After the celebratory procession from Montgeron, the riders hit the Champs-Elysees for the final eight circuits of this year’s 104th Tour de France. With the peloton all together, LottoNL-Jumbo dropped their sprinter Dylan Groenewegen off at the front on the final straight and, while it looked as if he may have launched his sprint too early, he held on to cross the line a bike-length ahead of a fast closing Andre Greipel and Edvald Boasson Hagen. Meanwhile, Chris Froome rolled in safely behind with his teammates to seal a hard-fought fourth Tour victory.
Riders of the Race
It would have been all to easy to award this to today’s stage winner, 24-year-old Dutch rider Dylan Groenenwegen who’s been building up to a big WorldTour win. And let’s face it, they don’t come bigger for sprinters than the one on the Champs Elysees. However, Dylan’s going to have to share the award with everyone who reached Paris. Yes, congratulations to each and every one of the 157 finishers of this year’s Tour de France, you’re all sharing my Riders of the Race award because in my book you’re all winners.
We’d also like to say a fond farewell to those riders definitely completing their last-ever Tour de France. I am, of course, referring to Trek-Segafredo’s Haimar Zubeldia, whose last race will be next week-end’s La Clasica in San Sebastian.
And of course, the most famous tongue in cycling, Direct Energie’s Thomas Voeckler, who is also calling time on his career. French housewives will have to find themselves another favourite. Fortunately, there’s plenty of potential candidates for France’s next chouchou.
Impossible sky-high expectations
There’s been lots of moaning in my timeline on Twitter about how boring this Tour has been – please don’t be surprised if I’ve unfollowed. Were you really watching the same race as me? I think what you’re really trying to say is that the Tour didn’t live up to your own (possibly impossible) expectations. Obviously, the Tour lost some GC contenders and high profile riders to injury, illness and some unpopular subjective decisions. Who knows what might have happened had they all reached Paris?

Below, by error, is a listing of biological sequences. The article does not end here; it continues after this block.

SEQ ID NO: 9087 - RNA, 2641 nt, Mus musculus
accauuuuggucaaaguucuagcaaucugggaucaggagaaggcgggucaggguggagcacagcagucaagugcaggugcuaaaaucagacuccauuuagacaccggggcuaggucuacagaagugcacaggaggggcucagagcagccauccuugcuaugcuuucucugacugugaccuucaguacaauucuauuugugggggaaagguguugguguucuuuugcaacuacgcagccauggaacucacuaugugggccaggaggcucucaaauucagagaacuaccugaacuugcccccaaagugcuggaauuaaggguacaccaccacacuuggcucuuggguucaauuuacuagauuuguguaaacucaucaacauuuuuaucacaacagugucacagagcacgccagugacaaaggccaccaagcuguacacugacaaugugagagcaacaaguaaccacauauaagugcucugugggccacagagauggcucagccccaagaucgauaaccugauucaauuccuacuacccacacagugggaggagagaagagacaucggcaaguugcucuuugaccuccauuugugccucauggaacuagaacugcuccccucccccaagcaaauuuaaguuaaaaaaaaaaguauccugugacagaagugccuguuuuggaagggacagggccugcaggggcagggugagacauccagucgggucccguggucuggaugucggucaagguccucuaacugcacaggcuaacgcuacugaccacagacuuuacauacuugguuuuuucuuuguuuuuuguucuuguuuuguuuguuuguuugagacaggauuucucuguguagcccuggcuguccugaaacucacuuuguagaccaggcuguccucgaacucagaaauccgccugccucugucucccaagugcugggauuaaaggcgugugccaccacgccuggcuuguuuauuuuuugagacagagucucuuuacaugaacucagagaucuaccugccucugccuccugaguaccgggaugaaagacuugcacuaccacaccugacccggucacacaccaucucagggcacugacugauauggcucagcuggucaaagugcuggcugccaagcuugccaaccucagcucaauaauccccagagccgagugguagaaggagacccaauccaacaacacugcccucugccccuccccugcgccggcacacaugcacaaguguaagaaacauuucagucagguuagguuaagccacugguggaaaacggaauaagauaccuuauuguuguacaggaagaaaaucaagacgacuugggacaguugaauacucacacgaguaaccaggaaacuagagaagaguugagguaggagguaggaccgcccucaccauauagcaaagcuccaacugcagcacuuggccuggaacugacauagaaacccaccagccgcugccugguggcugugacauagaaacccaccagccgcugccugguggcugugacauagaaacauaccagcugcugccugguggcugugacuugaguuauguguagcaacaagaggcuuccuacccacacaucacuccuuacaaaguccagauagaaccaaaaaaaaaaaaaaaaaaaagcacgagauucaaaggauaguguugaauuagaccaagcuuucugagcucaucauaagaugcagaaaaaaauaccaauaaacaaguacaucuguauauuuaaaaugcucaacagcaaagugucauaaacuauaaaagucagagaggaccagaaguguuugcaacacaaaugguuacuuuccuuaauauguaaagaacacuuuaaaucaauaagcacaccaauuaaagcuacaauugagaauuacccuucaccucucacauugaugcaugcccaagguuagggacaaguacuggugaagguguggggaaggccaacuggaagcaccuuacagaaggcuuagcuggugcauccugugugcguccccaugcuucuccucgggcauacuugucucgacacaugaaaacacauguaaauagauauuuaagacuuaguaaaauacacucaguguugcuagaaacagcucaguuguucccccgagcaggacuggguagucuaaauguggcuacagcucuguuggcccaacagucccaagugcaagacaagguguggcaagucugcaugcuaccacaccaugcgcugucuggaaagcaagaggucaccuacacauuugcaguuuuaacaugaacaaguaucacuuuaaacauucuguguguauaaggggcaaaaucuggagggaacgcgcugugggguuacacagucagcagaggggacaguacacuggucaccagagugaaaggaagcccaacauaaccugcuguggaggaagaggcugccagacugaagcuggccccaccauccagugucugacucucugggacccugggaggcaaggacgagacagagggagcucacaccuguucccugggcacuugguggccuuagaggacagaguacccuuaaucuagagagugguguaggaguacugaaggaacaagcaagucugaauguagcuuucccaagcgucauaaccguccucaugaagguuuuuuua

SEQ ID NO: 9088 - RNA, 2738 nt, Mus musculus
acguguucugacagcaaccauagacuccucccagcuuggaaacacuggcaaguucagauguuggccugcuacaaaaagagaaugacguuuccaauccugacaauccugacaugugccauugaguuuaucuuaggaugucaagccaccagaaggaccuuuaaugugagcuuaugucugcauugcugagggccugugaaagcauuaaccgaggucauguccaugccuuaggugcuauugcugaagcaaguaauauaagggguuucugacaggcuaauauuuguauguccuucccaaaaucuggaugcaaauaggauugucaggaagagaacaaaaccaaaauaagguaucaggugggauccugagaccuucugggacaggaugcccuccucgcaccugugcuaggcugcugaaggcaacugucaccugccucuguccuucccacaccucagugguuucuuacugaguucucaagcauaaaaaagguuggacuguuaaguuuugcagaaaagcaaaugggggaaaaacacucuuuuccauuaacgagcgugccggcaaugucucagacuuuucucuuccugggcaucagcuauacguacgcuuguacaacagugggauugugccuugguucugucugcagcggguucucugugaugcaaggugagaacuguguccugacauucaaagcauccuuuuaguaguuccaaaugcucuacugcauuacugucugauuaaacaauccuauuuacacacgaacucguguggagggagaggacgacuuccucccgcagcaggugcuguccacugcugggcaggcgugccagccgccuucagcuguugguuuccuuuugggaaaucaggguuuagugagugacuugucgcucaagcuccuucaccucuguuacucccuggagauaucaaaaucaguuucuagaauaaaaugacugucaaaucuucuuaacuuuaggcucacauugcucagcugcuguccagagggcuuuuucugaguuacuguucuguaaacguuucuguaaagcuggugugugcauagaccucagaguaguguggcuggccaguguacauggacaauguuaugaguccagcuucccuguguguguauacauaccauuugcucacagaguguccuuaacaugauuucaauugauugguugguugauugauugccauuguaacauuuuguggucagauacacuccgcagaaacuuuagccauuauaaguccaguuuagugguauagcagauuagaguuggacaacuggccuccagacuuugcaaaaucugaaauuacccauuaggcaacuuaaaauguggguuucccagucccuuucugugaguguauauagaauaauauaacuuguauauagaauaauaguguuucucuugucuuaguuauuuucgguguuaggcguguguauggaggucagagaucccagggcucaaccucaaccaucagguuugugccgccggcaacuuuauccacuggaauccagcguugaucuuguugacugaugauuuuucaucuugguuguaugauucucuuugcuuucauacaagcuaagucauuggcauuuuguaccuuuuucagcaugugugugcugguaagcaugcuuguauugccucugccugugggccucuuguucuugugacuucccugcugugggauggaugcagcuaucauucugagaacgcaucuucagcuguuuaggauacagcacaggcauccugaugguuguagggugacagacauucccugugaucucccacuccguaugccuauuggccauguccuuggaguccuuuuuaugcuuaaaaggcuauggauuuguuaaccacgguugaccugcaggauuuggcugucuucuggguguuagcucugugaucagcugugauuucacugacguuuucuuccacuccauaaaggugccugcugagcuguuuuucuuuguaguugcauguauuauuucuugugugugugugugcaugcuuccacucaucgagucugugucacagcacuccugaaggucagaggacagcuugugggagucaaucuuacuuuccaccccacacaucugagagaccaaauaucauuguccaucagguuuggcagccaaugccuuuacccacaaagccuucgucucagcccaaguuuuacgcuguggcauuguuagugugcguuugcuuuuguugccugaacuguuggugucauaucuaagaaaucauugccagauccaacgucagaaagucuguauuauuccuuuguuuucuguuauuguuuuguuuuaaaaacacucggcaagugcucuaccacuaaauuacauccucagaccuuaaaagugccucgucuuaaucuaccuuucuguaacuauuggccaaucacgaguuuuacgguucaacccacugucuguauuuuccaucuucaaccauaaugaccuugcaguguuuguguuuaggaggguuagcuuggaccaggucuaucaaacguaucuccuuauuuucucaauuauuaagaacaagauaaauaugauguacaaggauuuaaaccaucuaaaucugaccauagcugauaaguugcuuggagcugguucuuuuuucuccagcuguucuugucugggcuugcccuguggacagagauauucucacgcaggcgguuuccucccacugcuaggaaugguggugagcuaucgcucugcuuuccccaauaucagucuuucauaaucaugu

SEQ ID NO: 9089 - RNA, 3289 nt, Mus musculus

ASO hoped the parcours would maintain suspense until the penultimate stage and, to be fair, it did for the remaining two places on the podium. It was a closely fought Tour. I’ve watched every single stage pretty much from start to finish and I loved that I could do that. I enjoyed knowing how, when and where the break was formed. I’ve marvelled at the length of time certain riders have spent at the head of the peloton or in the break. Many, but not all, have been our Riders of the Race.
Okay, there’s been some boring bits and during these I’ve gotten on with my work, or enjoyed the splendid scenery and magnificent property porn. But pretty much every stage has had me on the edge of my seat. I’ve been thrilled by every stage winner, particularly those that have won their maiden grand tour or Tour de France stages. I’m sure that everyone has tried their utmost. What more can we ask or indeed expect? You only have to look at Romain Bardet‘s face, he’s emptied himself and stayed on the podium by just one single second.
The good news is that we’ve got less than four weeks before it starts all over again at the Vuelta a Espana.
Finally, and on a lighter note
Did Caroline say yes to Ag2r’s Cyril Gautier? We deserve to know.
Top 5 stage
1 Dylan Groenewegen (LottoNL-Jumbo) 2:25:39
2 Andre Greipel (Lotto Soudal) same time
3 Edvald Boasson Hagen (Dimension Data) s/t
4 Nacer Bouhanni (Cofidis) s/t
5 Alexander Kristoff (Katusha-Alpecin) s/t
Top 5 GC
1 Chris Froome (Sky) 86:20:55
2 Rigoberto Uran (Cannondale-Drapac) +0:54
3 Romain Bardet (Ag2r La Mondiale) +2:20
4 Mikel Landa (Sky) +2:21
5 Fabio Aru (Astana) +3:05
All the jerseys
Leader: Chris Froome (Sky)
Points: Michael Matthews (Sunweb)
KOM: Warren Barguil (Sunweb)
Best Young Rider: Simon Yates (Orica-Scott)
Super Combative: Warren Barguil (Sunweb)
Team Classification: Sky
Header image: Farewell to another Tour de France ©GETTY/Corbis/Tim de Waele